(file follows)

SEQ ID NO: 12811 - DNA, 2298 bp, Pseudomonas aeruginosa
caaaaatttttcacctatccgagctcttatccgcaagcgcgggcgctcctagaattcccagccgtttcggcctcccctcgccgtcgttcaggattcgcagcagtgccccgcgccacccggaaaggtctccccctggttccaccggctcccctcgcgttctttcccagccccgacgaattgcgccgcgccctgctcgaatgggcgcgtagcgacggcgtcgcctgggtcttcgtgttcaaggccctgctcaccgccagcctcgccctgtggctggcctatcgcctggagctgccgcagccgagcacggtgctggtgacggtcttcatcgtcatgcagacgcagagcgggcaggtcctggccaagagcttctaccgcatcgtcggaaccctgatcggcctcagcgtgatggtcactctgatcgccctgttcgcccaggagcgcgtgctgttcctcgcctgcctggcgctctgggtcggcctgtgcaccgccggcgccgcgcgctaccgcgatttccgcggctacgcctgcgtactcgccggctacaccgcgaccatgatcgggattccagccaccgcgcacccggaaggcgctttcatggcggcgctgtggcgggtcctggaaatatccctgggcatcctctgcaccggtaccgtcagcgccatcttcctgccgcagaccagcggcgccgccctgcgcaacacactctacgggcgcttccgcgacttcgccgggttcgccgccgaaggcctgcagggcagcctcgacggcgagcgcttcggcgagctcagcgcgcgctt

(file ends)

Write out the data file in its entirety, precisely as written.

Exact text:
SEQ ID NO: 12811 - DNA, 2298 bp, Pseudomonas aeruginosa
caaaaatttttcacctatccgagctcttatccgcaagcgcgggcgctcctagaattcccagccgtttcggcctcccctcgccgtcgttcaggattcgcagcagtgccccgcgccacccggaaaggtctccccctggttccaccggctcccctcgcgttctttcccagccccgacgaattgcgccgcgccctgctcgaatgggcgcgtagcgacggcgtcgcctgggtcttcgtgttcaaggccctgctcaccgccagcctcgccctgtggctggcctatcgcctggagctgccgcagccgagcacggtgctggtgacggtcttcatcgtcatgcagacgcagagcgggcaggtcctggccaagagcttctaccgcatcgtcggaaccctgatcggcctcagcgtgatggtcactctgatcgccctgttcgcccaggagcgcgtgctgttcctcgcctgcctggcgctctgggtcggcctgtgcaccgccggcgccgcgcgctaccgcgatttccgcggctacgcctgcgtactcgccggctacaccgcgaccatgatcgggattccagccaccgcgcacccggaaggcgctttcatggcggcgctgtggcgggtcctggaaatatccctgggcatcctctgcaccggtaccgtcagcgccatcttcctgccgcagaccagcggcgccgccctgcgcaacacactctacgggcgcttccgcgacttcgccgggttcgccgccgaaggcctgcagggcagcctcgacggcgagcgcttcggcgagctcagcgcgcgctt